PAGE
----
Set your boundaries: Your vacations may look different than those of employees in larger companies, and you may maintain regular touchpoints in certain areas. Decide where you want to stay involved and where you want to step back.

Ahead of Client and Investor Communication

While intimidating for many, sharing news of your upcoming vacation can ultimately help you build greater trust with your customers and investors. That’s it:

Solve the expected problem: It is up to individuals to decide how much they are willing to disclose. However, sharing your news early will allow you to anticipate many inevitable problems and provide enough time to reflect on your expectations and boundaries.

Take advantage of opportunities to build trust: The more you think about the holidays and plan what your business might experience in the coming months, the more impressed your customers and investors will be. This could be an opportunity to shine as a leader.

Follow four key communication points: Schedule an initial notification meeting (phone/Zoom, or face-to-face) to share news and high-level program overviews. At approximately 37 weeks, send your vacation reminder and summarize the main points in writing. When the vacation starts, turn on an automatic reply with clear instructions, or ask people to email you again after a certain date. Finally, send your return to work notice when you return.

transition back to work

When you return to work after leaving, you will be living in a different reality. Here’s how to consider retaking responsibilities while balancing new responsibilities:

Respect your transformation: Becoming a parent and returning to work may not be easy. Give yourself a space to integrate your new way of working and remember that things will get easier over time. Add all your new responsibilities to your calendar: Pumping or nursery time is now part of your routine.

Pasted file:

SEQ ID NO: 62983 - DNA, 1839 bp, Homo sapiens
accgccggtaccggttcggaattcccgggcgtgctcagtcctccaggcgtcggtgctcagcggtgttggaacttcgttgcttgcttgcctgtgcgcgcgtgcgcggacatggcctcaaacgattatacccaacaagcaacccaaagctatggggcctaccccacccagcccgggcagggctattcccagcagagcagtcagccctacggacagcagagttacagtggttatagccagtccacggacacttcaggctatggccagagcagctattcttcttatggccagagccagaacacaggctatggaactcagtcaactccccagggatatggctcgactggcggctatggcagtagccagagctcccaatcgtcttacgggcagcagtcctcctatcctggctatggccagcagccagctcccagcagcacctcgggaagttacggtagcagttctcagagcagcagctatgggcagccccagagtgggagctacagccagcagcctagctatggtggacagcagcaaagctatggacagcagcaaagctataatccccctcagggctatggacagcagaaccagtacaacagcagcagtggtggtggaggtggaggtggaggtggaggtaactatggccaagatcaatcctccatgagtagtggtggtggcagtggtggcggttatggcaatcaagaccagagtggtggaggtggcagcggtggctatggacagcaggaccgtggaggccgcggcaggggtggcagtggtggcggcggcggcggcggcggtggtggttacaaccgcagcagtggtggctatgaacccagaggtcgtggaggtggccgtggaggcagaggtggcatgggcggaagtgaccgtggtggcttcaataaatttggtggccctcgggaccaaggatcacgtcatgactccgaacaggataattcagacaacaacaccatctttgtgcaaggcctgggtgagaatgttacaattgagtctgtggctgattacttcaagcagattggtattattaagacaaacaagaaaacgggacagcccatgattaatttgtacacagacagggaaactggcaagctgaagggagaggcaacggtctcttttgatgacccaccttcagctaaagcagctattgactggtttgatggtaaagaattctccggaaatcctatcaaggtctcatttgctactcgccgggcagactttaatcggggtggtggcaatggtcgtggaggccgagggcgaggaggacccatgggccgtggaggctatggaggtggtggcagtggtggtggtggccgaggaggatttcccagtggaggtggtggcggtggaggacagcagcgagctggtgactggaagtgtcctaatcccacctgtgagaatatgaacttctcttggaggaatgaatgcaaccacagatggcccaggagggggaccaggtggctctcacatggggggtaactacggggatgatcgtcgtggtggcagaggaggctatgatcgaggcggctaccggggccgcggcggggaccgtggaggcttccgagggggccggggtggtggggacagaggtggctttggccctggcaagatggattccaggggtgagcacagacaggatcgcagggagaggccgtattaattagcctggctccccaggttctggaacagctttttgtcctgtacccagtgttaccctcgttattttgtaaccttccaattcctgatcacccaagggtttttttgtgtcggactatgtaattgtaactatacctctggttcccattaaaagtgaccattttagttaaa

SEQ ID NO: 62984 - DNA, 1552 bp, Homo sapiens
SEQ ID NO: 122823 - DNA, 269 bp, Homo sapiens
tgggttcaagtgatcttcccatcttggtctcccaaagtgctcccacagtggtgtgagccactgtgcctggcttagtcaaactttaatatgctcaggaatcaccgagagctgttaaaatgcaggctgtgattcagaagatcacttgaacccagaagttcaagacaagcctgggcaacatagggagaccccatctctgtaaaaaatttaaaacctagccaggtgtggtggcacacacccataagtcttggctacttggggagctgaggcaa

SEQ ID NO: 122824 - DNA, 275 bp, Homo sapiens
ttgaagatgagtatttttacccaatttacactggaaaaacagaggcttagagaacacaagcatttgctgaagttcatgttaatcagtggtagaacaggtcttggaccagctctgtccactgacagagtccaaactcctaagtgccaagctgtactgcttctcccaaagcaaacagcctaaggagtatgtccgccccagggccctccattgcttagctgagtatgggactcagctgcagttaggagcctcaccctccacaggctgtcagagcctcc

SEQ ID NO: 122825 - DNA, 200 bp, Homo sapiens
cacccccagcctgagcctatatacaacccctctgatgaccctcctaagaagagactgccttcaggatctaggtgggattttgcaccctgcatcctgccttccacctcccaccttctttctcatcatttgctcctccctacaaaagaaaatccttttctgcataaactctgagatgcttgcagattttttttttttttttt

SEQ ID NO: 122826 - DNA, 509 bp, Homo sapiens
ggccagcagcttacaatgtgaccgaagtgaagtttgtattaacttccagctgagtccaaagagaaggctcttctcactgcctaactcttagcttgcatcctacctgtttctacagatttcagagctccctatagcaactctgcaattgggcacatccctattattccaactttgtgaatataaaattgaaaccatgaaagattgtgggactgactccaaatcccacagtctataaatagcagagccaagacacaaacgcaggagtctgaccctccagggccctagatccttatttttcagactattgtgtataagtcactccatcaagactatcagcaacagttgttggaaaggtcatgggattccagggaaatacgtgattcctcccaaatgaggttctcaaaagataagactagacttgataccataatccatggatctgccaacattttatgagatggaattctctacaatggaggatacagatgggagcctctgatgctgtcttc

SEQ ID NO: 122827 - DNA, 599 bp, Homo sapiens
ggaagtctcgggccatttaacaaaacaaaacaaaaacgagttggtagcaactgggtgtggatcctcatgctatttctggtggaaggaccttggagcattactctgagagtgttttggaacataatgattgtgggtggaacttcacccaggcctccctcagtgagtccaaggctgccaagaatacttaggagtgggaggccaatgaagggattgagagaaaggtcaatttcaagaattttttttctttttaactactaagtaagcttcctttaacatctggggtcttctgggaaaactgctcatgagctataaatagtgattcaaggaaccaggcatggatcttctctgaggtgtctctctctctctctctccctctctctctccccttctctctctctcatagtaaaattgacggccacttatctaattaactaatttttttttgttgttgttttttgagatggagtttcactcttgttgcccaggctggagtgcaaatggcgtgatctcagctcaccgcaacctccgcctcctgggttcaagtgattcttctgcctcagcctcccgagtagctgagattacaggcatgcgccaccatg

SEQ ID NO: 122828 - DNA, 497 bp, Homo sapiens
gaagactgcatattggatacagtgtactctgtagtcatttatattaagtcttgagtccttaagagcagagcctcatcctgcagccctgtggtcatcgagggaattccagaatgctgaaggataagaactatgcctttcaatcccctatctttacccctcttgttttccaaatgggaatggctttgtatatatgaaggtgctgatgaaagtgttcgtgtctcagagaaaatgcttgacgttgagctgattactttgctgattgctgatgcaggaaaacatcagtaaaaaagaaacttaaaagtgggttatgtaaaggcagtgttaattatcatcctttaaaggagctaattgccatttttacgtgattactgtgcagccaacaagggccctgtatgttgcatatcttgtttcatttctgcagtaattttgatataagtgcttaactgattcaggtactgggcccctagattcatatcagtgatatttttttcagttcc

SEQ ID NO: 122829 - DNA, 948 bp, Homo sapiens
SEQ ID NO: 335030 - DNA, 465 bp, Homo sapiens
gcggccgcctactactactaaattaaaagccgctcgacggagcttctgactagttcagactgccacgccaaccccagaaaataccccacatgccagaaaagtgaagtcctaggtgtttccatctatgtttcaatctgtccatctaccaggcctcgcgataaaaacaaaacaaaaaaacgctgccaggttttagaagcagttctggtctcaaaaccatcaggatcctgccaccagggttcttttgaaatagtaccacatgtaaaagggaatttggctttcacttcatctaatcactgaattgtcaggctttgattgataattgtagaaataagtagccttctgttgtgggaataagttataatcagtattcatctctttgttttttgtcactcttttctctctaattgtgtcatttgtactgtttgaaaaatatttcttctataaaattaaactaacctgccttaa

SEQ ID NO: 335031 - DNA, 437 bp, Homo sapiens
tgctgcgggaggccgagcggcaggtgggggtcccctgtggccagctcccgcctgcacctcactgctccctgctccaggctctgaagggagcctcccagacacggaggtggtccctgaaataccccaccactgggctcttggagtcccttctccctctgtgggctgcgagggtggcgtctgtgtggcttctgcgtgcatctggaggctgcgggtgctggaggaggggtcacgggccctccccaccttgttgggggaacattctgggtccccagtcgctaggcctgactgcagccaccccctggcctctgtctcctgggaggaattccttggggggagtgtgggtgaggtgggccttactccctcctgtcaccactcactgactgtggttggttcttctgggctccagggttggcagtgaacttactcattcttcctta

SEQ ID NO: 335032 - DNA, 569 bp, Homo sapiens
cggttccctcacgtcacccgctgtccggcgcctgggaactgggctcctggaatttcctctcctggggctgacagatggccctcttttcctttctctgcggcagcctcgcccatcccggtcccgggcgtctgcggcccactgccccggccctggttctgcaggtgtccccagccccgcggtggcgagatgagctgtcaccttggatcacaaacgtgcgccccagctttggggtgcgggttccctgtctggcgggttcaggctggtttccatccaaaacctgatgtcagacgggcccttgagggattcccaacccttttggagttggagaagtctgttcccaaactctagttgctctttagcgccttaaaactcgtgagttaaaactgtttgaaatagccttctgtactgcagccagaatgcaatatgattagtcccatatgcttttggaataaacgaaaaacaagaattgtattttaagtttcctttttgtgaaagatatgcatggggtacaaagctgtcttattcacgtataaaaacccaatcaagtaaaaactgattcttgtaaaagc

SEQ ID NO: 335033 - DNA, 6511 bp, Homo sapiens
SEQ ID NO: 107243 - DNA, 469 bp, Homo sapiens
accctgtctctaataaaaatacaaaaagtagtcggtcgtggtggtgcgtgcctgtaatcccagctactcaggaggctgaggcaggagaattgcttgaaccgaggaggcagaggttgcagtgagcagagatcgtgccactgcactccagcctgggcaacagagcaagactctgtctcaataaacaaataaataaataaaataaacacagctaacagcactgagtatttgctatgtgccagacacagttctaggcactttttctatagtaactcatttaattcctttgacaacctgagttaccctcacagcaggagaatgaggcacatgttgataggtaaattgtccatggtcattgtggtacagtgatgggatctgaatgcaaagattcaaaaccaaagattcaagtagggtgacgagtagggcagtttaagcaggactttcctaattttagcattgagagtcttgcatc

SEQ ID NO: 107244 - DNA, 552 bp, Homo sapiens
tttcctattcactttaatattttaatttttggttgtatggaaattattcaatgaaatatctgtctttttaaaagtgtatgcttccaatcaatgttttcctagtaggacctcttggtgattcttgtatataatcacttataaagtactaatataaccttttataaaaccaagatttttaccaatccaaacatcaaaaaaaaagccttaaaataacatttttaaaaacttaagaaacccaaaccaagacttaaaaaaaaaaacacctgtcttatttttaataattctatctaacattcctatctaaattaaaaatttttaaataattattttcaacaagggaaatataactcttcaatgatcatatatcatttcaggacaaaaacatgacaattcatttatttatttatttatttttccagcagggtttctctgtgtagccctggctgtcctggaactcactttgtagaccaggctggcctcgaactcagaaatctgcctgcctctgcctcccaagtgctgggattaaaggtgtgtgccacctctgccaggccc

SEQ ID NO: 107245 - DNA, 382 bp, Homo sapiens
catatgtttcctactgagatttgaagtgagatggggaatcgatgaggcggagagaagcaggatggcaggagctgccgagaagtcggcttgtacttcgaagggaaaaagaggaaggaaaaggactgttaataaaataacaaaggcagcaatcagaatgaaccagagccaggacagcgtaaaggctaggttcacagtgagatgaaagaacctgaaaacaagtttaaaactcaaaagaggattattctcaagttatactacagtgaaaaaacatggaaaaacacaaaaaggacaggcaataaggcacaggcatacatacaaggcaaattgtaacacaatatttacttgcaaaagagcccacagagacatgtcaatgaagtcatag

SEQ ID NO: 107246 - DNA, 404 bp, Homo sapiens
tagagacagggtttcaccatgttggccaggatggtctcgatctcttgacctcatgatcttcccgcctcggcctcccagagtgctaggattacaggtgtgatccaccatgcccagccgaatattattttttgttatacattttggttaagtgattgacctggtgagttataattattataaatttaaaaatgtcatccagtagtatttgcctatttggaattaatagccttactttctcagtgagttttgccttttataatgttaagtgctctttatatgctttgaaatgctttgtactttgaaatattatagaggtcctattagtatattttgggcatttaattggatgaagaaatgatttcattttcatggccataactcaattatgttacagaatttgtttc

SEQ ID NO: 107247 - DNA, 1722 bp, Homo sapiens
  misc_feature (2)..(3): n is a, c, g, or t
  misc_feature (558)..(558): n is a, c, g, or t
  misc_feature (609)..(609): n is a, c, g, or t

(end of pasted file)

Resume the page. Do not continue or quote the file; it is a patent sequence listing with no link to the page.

Gradually rejoin: You don’t need to go back to the 8-hour workday right away. For a few weeks, you might be online for a few hours a day to check in with your team (Taboada recommends a 30-60-90 day check-in framework to get back to work).

Revisit your role: You may not need to take back all the responsibilities you delegated while on leave. Parental leave may be a mandatory feature in terms of updating operating manuals, training new employees and restructuring teams – and some of these changes are likely to persist.

Every founder’s vacation looks different, but the best scientific evidence shows that six months of paid vacation is best for women’s physical and mental health. Taboada stressed that the two to six weeks postpartum recovery time is the most critical, so parents should make sure they are in the best possible health. Whether you are in labor or not, maximizing flexibility and working in stages for 16 weeks is recommended.

Having a family doesn’t mean sacrificing your career. Elements of parenting can even enhance leadership skills. Taboada shared that perinatal brain changes can unearth “management and sales superpowers” after childbirth, because there is so much coordination between listening and relationships.

Heather Hartnett is the CEO and general partner of Human Ventures.